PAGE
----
Building Hope: Anne Scott-Markle gives people hope for better relationships
November 07, 2012
BY DAVE REESE
Anne Scott-Markle at her office at Imagine Health in Columbia Falls. Dave Reese photo
MONTANA HEALTH JOURNAL
Anne Scott-Markle settles into an armchair to talk about relationships.
At her office at Imagine Health in a second-story office in Columbia Falls, Scott-Markle is helping people revive, strengthen and renew personal relationships. “The heart and soul of my work is relationship and community,” says Scott-Markle. Scott-Markle is a licensed therapist who has worked in this field for over 25 years. She opened Imagine Health in downtown Columbia Falls in 2007. The Imagine Health complex brings together several healthcare related fields, from midwifery and massage therapy, to yoga and counseling in one healing environment.
The heart of Scott-Markle’s work, though, is in healing relationships, which, she says, are one of the keys to truly learning about ourselves. “We are hard-wired to be in relationship, and if that doesn’t happen successfully, we suffer,” she said. “There is a deep longing to be totally loved and seen by another person.”
She sees the patterns of couples or individuals who haven’t healed their past and moved into present time awareness of their relationships, including their relationships with themselves. Scott-Markle helps people learn there is a present awareness state you can go to, unwind and let go. “You’re either in a present moment awareness where you can observe your feelings, or you’re in a robotic pattern that has hijacked you ,” she said. “We just seem to never clean up those messes of past wounds and relationships.”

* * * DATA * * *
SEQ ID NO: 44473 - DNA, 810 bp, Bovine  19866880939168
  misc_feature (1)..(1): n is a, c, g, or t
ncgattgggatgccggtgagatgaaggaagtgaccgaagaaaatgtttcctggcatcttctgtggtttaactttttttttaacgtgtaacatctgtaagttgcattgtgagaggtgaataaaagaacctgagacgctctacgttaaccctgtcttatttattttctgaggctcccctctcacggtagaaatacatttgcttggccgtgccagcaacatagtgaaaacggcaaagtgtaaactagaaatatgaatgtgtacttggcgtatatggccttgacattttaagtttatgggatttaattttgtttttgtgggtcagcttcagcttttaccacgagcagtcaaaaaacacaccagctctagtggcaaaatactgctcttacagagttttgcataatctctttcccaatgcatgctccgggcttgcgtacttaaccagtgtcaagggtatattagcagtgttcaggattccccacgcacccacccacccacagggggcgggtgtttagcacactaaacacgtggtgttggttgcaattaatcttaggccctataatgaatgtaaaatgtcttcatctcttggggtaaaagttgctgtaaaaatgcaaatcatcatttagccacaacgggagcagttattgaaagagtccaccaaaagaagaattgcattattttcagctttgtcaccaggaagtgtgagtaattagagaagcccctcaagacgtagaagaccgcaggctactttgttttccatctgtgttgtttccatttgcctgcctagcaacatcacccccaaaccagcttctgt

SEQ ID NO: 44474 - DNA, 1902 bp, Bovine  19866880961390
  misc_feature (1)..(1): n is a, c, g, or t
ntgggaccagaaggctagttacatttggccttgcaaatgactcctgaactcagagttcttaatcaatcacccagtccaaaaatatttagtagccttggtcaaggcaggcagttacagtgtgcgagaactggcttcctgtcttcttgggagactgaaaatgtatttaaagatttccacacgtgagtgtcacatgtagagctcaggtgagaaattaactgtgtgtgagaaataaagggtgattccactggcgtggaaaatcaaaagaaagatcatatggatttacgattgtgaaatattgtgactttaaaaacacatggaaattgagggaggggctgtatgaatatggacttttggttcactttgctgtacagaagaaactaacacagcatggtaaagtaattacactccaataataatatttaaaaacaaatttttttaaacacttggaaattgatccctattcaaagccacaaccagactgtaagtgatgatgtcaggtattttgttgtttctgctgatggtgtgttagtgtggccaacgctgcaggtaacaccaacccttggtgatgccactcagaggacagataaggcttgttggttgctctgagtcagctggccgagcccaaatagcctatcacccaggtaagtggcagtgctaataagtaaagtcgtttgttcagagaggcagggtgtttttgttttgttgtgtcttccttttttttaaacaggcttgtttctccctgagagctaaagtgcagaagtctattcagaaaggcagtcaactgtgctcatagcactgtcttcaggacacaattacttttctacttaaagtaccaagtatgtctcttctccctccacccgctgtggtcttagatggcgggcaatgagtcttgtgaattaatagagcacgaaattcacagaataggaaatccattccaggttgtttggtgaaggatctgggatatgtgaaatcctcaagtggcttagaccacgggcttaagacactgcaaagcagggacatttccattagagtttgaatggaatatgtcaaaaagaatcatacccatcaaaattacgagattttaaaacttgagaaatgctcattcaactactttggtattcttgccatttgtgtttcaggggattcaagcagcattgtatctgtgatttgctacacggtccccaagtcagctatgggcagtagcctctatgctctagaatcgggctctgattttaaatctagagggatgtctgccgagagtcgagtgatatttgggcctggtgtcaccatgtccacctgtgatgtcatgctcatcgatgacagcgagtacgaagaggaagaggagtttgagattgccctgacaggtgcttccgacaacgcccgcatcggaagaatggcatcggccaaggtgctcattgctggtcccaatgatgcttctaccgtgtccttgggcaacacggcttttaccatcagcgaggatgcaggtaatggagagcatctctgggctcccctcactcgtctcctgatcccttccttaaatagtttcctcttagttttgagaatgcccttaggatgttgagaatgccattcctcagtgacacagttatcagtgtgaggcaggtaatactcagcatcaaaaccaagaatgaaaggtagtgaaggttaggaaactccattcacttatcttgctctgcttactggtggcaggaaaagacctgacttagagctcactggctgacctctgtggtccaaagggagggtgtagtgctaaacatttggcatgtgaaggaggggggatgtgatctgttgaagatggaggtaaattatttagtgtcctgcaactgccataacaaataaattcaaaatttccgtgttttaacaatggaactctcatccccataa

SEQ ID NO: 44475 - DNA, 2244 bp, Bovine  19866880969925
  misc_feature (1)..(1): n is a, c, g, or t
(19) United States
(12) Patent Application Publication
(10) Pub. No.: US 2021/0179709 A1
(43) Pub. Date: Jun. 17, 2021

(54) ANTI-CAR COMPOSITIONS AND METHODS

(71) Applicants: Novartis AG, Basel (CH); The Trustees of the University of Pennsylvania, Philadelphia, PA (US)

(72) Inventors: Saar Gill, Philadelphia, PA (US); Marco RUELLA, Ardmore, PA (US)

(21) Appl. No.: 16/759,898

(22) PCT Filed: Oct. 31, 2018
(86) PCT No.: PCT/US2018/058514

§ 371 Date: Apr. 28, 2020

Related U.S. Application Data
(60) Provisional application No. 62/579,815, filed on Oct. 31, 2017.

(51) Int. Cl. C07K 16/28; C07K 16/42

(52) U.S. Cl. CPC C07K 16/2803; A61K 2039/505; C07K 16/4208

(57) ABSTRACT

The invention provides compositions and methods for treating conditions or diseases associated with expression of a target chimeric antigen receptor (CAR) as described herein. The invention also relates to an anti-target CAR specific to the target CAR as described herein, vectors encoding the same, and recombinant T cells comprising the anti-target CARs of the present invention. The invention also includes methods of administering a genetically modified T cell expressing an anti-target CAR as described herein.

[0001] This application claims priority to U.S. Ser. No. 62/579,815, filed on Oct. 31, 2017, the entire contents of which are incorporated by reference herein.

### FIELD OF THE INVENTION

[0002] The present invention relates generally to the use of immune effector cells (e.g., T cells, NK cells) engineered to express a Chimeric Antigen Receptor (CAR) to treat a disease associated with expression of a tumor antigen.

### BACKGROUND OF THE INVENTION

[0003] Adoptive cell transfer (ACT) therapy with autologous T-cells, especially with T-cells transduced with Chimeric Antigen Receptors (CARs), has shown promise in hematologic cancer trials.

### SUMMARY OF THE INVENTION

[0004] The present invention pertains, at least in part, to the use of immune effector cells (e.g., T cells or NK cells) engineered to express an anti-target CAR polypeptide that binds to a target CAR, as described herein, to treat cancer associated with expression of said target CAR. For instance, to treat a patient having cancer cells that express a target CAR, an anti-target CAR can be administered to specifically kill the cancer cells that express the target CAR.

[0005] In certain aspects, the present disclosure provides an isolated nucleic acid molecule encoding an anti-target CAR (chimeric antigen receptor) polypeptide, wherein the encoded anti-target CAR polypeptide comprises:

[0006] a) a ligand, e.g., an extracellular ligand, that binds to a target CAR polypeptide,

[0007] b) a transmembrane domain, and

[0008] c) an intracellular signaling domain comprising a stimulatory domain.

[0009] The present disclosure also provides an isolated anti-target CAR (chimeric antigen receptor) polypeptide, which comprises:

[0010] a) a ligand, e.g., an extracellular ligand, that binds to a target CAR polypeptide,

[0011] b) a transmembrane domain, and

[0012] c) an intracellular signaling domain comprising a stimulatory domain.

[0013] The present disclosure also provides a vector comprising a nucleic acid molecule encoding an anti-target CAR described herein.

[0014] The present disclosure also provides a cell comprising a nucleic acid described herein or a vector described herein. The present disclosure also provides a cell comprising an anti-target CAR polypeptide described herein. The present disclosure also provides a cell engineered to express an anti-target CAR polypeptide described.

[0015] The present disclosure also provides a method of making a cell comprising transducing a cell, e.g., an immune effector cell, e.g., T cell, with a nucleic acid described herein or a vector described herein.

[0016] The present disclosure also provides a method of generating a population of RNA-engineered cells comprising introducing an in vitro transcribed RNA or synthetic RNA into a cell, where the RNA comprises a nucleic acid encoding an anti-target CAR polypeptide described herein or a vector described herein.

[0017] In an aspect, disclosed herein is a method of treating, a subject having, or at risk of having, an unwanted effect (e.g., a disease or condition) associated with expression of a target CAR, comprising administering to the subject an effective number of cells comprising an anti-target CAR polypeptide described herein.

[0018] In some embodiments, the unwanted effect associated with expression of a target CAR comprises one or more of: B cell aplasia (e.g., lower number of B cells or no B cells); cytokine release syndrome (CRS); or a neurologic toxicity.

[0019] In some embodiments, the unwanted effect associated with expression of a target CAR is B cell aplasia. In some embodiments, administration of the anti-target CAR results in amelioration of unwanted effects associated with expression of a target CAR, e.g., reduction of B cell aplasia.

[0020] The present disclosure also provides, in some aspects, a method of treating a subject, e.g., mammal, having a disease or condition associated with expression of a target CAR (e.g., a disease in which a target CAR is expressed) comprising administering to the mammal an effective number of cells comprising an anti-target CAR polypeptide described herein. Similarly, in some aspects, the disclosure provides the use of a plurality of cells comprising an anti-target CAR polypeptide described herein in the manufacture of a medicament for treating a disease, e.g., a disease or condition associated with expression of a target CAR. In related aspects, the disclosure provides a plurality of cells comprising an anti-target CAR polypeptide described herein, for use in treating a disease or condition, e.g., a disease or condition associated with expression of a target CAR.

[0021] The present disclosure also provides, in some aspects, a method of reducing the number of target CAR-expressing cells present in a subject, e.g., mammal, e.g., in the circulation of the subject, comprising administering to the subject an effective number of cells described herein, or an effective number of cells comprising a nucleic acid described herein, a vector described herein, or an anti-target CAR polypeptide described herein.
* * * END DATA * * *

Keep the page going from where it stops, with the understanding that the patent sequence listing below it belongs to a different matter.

Scott-Markle is learning about herself in the process of helping others. A woman who describes herself as “deeply spiritual but not religious” is now accepting the word “God” into her clinical vernacular. Markle says the word God is becoming more common in therapy settings like hers. She, herself, rarely used to say the “God” word. But this reflects a growing sense of the world’s embrace of science and faith. “For generations we’ve learned how to live in our heads and not our hearts,” she said. “We’re coming to a higher evolved place, and it means we’ve had to marry our heads and our hearts, our souls and our bodies. Science and mysticism are now being combined, with a deeper understanding of both.”
However, that can be the eternal paradox of the human condition. Scott-Markle helps people delve into the question of how you can be divine and human at the same time.
Scott-Markle said couples that don’t have solid relationship skills create pain within their relationships, and they don’t know how to open their hearts to each other — which is where true growth occurs. “There is a value and a purpose in staying committed,” she said. “When we’re really present and open-hearted, we are opening ourselves to God.”
This vulnerability can be hard to accept and incorporate into one’s life since, as Scott-Markle says, “people are pain avoiders.”
“But you don’t get good steel without heat and pounding,” she said. “We don’t get to God without losing ourselves and finding a way back.”